(2019) First wine made in barrel, French oak, but older barrels. Subtle apple and cream, a soft lemon curd note and some spice. There is a flood of confit lemon and sweet fruit here, moving into nectarine, with a long finish, balanced by good clean acidity, a twist of saltiness.
(2019) Made in new Hungarian oak, aged for 13 months, and for 2019 will be adding some amphora elements. Partial wild ferment. Free run juice only. Nice tobacco-like, nutty and toasty nose, but certainly plenty of charry oak. The plate has loads of fruit, a really nice burst of lemon rind moving into peach, then a lovely acid balance. Oak could tame down a little, but a lovely wine. No UK retailer at time of review.
(2019) All five Bordeaux varieties, but half of the blend made up of Cabernet Franc and Petit Verdot. Barrel aged. A nice bold fruit character, a spice and cedar note to the blackcurrant fruit, well-handled oak, a wine with a chocolate-rich element and good plushness, a long fruity and spicy finish. No UK retailer at time of review.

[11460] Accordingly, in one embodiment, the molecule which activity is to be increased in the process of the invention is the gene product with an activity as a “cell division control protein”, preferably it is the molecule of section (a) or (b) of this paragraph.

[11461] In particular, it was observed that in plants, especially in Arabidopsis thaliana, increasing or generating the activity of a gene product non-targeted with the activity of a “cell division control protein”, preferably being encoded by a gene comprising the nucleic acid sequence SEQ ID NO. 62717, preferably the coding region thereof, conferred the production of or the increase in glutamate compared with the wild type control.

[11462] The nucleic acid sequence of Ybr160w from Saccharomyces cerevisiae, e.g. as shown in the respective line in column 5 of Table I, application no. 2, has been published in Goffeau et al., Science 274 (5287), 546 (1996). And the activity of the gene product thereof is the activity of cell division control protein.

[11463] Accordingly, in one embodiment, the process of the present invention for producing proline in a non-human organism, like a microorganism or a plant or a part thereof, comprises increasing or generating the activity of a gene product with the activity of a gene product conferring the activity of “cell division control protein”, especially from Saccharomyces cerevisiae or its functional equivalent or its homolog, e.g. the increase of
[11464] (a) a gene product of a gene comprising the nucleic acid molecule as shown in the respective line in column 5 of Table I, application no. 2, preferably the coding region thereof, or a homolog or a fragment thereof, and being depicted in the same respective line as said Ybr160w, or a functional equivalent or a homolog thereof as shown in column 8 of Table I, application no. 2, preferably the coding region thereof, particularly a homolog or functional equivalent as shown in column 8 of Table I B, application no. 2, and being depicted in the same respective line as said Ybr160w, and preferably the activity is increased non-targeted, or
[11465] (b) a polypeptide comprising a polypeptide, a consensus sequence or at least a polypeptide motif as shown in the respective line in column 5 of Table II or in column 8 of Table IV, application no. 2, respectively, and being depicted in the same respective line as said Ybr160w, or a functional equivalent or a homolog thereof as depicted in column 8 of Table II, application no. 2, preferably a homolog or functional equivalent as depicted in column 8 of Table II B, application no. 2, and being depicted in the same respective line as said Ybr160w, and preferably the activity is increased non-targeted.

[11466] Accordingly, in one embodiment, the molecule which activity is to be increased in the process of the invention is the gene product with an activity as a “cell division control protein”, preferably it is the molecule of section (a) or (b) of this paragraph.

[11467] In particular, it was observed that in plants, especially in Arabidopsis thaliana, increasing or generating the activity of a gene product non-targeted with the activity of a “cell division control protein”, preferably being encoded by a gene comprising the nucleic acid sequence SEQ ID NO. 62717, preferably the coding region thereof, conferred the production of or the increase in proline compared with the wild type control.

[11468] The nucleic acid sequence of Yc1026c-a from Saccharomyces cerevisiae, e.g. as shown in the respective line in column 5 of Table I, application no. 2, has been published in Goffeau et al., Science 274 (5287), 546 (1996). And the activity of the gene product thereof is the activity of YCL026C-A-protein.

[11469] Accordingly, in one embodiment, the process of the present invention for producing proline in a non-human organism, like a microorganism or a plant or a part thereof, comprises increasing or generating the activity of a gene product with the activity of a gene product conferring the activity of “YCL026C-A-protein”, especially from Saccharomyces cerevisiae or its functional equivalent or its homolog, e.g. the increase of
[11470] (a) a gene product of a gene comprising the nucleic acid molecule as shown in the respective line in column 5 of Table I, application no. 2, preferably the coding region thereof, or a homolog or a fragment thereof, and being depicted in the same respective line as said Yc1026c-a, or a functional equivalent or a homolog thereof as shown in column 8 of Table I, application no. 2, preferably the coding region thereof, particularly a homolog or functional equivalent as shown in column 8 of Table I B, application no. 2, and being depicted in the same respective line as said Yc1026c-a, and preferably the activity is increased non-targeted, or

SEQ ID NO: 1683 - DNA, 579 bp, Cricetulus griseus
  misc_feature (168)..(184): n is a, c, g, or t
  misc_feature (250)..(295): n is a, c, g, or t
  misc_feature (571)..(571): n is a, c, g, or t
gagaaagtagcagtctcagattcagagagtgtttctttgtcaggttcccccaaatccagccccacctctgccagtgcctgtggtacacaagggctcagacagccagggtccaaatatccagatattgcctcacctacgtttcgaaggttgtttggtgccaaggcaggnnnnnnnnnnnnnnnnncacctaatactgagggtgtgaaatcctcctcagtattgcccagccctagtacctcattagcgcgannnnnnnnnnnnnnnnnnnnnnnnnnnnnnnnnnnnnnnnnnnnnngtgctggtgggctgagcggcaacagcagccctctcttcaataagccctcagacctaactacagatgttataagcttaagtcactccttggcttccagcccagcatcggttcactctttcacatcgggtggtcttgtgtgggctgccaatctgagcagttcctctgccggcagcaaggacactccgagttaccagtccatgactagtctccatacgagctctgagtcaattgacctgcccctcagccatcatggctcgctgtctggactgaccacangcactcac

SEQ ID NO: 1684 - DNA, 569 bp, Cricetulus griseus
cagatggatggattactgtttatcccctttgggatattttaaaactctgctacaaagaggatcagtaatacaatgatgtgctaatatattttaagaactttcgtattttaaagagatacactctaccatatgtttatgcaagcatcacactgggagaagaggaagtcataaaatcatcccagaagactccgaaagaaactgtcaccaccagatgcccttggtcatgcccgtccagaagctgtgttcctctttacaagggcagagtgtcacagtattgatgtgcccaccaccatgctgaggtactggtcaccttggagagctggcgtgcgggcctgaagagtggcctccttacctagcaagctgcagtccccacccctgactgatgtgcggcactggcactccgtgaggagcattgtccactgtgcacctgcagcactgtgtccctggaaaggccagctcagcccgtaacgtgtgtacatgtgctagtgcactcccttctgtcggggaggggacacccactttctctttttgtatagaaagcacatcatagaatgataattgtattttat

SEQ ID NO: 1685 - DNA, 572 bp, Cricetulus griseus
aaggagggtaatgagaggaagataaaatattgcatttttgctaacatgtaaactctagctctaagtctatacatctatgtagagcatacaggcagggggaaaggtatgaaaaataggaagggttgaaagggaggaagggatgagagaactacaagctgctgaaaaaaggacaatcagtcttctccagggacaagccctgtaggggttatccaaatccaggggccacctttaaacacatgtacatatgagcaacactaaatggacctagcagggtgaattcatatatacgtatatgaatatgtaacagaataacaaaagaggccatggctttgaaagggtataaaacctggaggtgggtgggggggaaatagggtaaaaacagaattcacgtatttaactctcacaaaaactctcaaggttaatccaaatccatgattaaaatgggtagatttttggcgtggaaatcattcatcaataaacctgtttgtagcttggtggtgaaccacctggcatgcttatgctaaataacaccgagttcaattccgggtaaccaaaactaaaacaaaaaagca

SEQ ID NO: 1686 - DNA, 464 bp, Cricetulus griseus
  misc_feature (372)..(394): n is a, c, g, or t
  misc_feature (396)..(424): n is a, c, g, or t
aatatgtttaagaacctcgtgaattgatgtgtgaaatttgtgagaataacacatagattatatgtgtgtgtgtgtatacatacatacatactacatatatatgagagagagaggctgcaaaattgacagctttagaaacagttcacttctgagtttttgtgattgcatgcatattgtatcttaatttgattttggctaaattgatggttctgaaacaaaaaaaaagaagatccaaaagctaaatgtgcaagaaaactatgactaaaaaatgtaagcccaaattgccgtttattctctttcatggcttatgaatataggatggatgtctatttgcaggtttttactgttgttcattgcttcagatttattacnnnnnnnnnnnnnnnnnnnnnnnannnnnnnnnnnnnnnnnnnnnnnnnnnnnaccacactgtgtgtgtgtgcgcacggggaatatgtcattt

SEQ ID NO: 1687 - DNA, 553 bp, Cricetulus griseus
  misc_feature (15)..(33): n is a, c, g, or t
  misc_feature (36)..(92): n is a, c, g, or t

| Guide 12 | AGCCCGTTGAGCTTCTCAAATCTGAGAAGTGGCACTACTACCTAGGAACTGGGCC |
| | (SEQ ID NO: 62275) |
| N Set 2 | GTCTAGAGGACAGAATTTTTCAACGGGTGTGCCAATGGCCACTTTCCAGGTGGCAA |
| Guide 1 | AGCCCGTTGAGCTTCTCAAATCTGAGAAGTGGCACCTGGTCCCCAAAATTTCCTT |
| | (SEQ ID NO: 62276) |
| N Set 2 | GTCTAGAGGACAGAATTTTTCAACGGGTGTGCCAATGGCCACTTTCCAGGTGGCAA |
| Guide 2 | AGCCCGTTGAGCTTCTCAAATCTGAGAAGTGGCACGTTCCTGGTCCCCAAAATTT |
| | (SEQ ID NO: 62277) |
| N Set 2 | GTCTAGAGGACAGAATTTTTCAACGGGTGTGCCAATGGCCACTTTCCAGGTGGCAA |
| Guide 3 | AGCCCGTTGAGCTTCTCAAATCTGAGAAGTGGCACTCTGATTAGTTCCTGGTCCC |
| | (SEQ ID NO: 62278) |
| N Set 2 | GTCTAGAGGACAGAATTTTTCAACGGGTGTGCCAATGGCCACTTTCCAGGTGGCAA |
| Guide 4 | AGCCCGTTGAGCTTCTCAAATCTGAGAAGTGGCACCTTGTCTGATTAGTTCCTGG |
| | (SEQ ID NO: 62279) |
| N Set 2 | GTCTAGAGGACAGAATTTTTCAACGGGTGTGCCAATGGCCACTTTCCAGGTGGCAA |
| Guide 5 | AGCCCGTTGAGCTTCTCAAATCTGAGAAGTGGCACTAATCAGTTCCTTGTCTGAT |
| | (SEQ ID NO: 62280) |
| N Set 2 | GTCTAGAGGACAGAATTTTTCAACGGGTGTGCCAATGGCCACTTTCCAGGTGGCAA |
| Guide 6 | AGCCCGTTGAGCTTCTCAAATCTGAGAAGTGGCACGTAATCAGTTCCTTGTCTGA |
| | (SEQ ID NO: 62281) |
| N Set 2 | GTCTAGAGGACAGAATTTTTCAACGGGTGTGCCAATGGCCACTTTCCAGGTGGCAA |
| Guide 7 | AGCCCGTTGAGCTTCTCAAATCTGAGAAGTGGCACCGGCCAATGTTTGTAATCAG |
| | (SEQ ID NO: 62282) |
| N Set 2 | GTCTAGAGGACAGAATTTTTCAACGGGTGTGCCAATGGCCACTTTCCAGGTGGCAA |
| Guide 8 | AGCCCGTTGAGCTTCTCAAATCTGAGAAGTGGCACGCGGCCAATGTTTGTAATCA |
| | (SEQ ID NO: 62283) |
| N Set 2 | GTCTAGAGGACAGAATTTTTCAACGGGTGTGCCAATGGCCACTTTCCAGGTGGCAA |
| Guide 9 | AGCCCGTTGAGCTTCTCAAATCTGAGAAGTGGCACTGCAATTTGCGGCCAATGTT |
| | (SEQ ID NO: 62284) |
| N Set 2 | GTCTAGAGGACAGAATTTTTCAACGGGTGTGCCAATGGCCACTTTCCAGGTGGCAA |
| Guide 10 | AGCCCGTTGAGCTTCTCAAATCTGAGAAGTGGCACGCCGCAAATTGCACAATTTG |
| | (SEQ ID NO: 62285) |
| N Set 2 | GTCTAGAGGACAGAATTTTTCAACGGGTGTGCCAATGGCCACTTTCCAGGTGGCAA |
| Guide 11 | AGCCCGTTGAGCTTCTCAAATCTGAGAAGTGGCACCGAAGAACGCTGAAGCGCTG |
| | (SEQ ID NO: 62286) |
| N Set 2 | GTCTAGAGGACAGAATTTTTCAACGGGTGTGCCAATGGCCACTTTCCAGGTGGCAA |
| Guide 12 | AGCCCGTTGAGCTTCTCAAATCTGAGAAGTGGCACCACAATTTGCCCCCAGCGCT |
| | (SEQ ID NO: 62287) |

(2019) Grown on shale and aged in foudre with natural ferment, with a little Hungarian oak barriques. Youthful green-tinged wine, with a bold apple fruited nose, clear and nicely pitched open and refined style, a spangle fruit brightness. The palate is beautifully fruited, a lovely creamy and supple style, the ripe fruit sweetness balanced against delightful fresh acidity, oak just warming he finish.
(2019) Grenache Blanc, Chenin, Roussanne, Chardonnay from bush vines. Chardonnay in new barrels. Quite a deep colour, with marmalade and toast, lots of limey depth. On the palate masses of texture and fruit sweetness, a lovely Burgundian-style wine.
(2019) Syrah, Cabernet, Merlot and Pinotage, this spends 25 months in French oak barrels. The palate has juicy freshness and good fruit, a supple style, the oak well-handled and leaving this plush and fruit-driven.
(2019) Nine months in French oak. Very nice floral lift to this, then a rush of sweet, ripe fruit, lots of chocolate and bittersweet cocoa to match the supple sweet black fruit. Good length and the juicy lemony acidity and the touch of tannic structure giving a nice grip. No UK retailer at time of review.
(2019) Named in memory of the famously cheap and cheerful 'Tassenberg' red wine, one of Pieter's earliest wine memories. It is made from Cinsault grown in Breedekloof, very pale in colour, with a fine, slightly nutty, but crunchy fresh fruit, a little bit of a Beaujolais character, that Beaujolais like quality of bright, super-pure fruit again. Deliciously easy to drink.